Another instance of this happening was with Syrian immigrants Mrs. Catherine Peter and her two children. While Mrs. Peter carried toddler Anna in her arms, she told her four year old son Michael to hold on to her dress as they went up to the deck with other Syrian passengers.
Apparantly the boy was seperated on the trek up the grand staircase, as according to Gellar's book, Mrs. Peter and company turned toward the starboard deck while Michael emerged on the port side, all alone. Some unknown Samaritan somehow got the boy to Boat D while his mother and sister were in Boat C.
There were also the Navratils, Trevor Allison and Arthur Olsen, who were separated from their parents on the ship.
Eva Hart became separated from her mother after Lowe made his transfers from lifeboat no. 14.
In the loosest sense, Alden Caldwell was separated from his parents by being placed at the opposite end to them in lifeboat 13.
I am not so sure that Bertram Dean was separated from his mother. Florence Thorneycroft mentioned helping to look after both children while sitting near them in a lifeboat.
Hope this helps,
The question was more for the separations that took place during the sinking, not after. Michel Navratil simply wasn't allowed into the boat. I am talking more about sparations in the confusion, not forced separations. There is an account ( whether or not it was true ) where Dean said he became separated from his mother and was put in a separate boat.
Phillip: I clearly forgot abot the Thomas boy and Edwina Troutt caring for him in the lifeboat.
Dear everybody: In Mrs Thorneycroft's interview, she clearly states that the Deans were with her in the 'tenth' boat. This was a 1912 interview. Other people would later also claim they were separated at the boats: the Beanes (even though they stated in earlier interviews they left in a boat together), the McCoys, where the brother allegedly was picked up by his sisters (very likely they simply entered a starboard boat together) and so on...the separation theme was apparently rather interesting.
In Geller's book, she clearly states from Ettie Dean's point of view that She and Millvina were in one boat, but Betram had wandered away and the boat was lowered without him. So Florence probably was in the boat with Millvina and Ettie, but Bertam was in a separate boat. I'll ask Mike Findlay if this is correct- or hopefully he'll see this message.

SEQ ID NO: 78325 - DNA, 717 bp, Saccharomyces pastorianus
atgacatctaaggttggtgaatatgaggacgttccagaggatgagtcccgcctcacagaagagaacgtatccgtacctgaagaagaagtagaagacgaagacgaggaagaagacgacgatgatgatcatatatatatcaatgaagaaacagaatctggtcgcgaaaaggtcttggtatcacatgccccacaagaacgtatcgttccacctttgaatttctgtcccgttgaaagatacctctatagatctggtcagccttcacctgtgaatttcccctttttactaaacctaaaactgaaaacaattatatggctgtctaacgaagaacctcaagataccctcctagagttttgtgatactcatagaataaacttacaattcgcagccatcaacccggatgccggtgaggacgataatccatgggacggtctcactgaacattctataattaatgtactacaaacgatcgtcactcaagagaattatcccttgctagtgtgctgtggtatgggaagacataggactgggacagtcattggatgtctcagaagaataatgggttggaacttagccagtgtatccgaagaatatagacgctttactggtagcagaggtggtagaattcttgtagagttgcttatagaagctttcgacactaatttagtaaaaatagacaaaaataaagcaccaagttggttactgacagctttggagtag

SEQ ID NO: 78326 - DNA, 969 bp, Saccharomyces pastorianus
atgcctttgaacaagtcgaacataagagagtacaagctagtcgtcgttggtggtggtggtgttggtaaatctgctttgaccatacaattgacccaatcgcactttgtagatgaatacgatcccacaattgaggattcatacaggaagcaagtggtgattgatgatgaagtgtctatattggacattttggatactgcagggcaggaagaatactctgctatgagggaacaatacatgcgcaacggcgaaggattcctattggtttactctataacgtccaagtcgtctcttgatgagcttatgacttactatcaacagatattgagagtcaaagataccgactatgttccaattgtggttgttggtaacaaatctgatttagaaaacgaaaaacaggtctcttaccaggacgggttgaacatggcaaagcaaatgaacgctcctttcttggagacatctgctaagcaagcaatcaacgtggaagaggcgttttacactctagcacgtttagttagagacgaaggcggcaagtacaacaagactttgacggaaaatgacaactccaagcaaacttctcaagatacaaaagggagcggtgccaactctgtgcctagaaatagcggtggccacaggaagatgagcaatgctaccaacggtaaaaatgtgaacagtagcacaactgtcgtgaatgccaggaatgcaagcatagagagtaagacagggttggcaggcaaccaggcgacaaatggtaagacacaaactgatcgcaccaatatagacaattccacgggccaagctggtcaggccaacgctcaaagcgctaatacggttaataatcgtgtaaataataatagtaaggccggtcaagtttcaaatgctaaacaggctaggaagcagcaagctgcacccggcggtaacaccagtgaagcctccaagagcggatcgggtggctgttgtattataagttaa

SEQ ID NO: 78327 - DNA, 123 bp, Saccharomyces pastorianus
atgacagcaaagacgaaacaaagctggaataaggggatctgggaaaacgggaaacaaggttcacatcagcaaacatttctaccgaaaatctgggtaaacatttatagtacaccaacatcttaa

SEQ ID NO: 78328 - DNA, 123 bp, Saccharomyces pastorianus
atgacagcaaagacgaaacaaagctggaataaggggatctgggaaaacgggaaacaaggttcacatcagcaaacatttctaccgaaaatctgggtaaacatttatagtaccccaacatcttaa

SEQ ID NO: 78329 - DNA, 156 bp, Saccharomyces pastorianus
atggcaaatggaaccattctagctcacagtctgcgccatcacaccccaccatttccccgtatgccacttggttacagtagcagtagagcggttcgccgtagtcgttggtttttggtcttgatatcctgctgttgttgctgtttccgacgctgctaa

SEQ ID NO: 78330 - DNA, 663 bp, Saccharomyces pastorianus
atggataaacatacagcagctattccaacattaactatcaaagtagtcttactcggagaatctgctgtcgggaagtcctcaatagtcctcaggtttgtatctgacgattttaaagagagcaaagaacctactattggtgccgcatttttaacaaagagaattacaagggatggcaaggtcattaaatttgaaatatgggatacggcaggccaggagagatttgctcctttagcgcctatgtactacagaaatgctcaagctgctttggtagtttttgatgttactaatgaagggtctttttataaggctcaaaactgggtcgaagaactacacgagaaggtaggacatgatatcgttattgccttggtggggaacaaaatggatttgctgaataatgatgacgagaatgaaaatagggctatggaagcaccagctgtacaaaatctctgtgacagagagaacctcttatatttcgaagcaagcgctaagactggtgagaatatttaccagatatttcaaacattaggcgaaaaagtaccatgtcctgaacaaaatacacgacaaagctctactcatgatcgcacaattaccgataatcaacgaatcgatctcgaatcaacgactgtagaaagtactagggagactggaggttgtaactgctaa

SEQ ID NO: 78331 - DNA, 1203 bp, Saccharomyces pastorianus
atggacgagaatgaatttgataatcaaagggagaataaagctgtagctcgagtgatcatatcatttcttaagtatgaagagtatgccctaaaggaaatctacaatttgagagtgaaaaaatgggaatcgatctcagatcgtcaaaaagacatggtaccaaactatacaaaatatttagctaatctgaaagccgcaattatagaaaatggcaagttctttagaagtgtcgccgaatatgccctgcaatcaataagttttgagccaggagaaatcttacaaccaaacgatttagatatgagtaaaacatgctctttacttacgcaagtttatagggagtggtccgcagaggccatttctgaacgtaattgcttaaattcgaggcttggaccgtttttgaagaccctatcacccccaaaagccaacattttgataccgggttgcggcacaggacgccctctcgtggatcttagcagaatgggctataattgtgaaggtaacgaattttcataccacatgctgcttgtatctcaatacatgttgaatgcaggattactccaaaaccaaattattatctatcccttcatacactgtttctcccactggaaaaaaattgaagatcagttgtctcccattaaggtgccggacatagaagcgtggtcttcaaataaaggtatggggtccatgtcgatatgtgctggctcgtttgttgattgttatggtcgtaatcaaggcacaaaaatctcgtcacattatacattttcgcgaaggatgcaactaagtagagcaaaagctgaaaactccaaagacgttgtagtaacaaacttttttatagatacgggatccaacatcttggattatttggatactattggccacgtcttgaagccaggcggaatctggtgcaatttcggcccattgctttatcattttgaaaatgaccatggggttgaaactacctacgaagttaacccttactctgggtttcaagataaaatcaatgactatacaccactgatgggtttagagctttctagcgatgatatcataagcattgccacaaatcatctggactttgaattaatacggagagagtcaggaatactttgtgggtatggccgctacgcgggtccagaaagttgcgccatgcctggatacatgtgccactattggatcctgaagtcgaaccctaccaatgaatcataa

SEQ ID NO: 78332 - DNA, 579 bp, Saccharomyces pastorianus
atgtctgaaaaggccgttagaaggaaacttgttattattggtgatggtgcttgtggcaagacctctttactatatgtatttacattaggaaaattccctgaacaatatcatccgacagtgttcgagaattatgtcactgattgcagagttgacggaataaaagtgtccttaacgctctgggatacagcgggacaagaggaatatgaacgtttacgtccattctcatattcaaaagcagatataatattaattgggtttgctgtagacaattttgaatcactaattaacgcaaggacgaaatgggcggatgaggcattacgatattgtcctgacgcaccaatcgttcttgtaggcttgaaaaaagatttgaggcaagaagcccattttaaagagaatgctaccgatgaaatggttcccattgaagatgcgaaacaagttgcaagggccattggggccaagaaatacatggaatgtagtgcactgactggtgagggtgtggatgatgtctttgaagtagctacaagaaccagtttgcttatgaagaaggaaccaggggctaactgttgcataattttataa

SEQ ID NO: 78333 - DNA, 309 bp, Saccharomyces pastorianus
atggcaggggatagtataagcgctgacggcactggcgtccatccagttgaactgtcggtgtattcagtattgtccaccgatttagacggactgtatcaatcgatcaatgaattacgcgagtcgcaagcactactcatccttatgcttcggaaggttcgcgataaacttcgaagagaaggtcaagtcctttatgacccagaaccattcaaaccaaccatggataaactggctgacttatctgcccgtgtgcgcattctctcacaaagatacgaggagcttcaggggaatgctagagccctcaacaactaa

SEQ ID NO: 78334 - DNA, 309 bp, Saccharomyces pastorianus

Dear Philip and Michael P; from Mrs Thorneycroft's 1912 account, it is quite clear that all three surviving Deans were with her in the lifeboat; but I wasn't there and I can't say that this is the truth or not. It is interesting though, that people change stories with the years. On the Lusitania there was a girl, Alice Lines, who was a nurse to first class passenger Major and Mrs Pearl's children. She stated in the enquiry in Britain that she entered a starboard lifeboat with the two surviving children. Later in life she would say she had to swim for it. The separation theme is one interesting feature in the Titanic story, the men who stated they had to swim for it another....
Re Alice Lines. Both stories are true. She did somewhat enter the lifeboat as it was lowering, but failed to get truly get in and fell into the water and when the lifeboat cast off, they picked up Alice. ( this is just the brief version )
Re Florence Thorneycroft. I would say with the amount of children in the boat, she could have confused Bertram with another child. And since Ettie was somewhat of a reluctant survivor, I doubt she would have exaggerated Bertram not being in the boat.
I believe what she said was that they were waiting to board the boat and they noticed that Bertram had wandered off in the confusion. Ettie and Millvina boarded the boat and Bert Sr. promised to look for him. So apparently he or some other good samaritan found him and placed him in either C or D.
Sorry to be so late in responding to the message board. I don't visit the site on a daily basis so I apologize if I'm responding to a question that appears to have been answered already.
Regarding Bertram Dean, I agree with Peter - largely due to Mrs. Thorneycroft's article. I believe the Dean trio were saved together - in the same lifeboat. This is conjecture as to what boat the Deans escaped in. I believe they were in collapsible C but other historians suggest #10 based on Mrs. Thorneycroft's description of the "tenth" boat. Bertram's mother spoke about the disaster many years afterward and I'm afraid her memory was failing at the time. I believe this is where the idea formulated in Mrs. Burden's mind about her son becoming separated from her. I rarely trust survivor accounts in later years because of the span of time, and because memories have also become clouded by countless books, movies and other factors.
Regarding Assed Thomas, there is speculation as to whether or not Edwina Troutt really held him during the night. There is no concrete evidence to confirm this but it still remains a possibility.
Looking forward to a New England get-together soon!
I think Ruth Becker was one separated from her mother as well. There was not enough room for her with her mother and brother and sister, so the poor girl was left alone on board to get in another boat. It must have been terryifing for a 12 year old.
Ruth was standing on the boat deck with her mother and siblings when her siblings were placed into a boat. Thinking that Ruth had also gotten in Mrs. Becker entered, when Mrs. Becker realised Ruth was on deck she yelled up to her "Hurry Ruth get into the next lifeboat. Upon hearing her mother Ruth simply walked up to the sailor loading lifeboat 13 and said "May I get into this boat" the sailor replied yes you may and Ruth was helped in. Ruth's mother thought Ruth had perised untill she was reunited with her aboard the Carpathia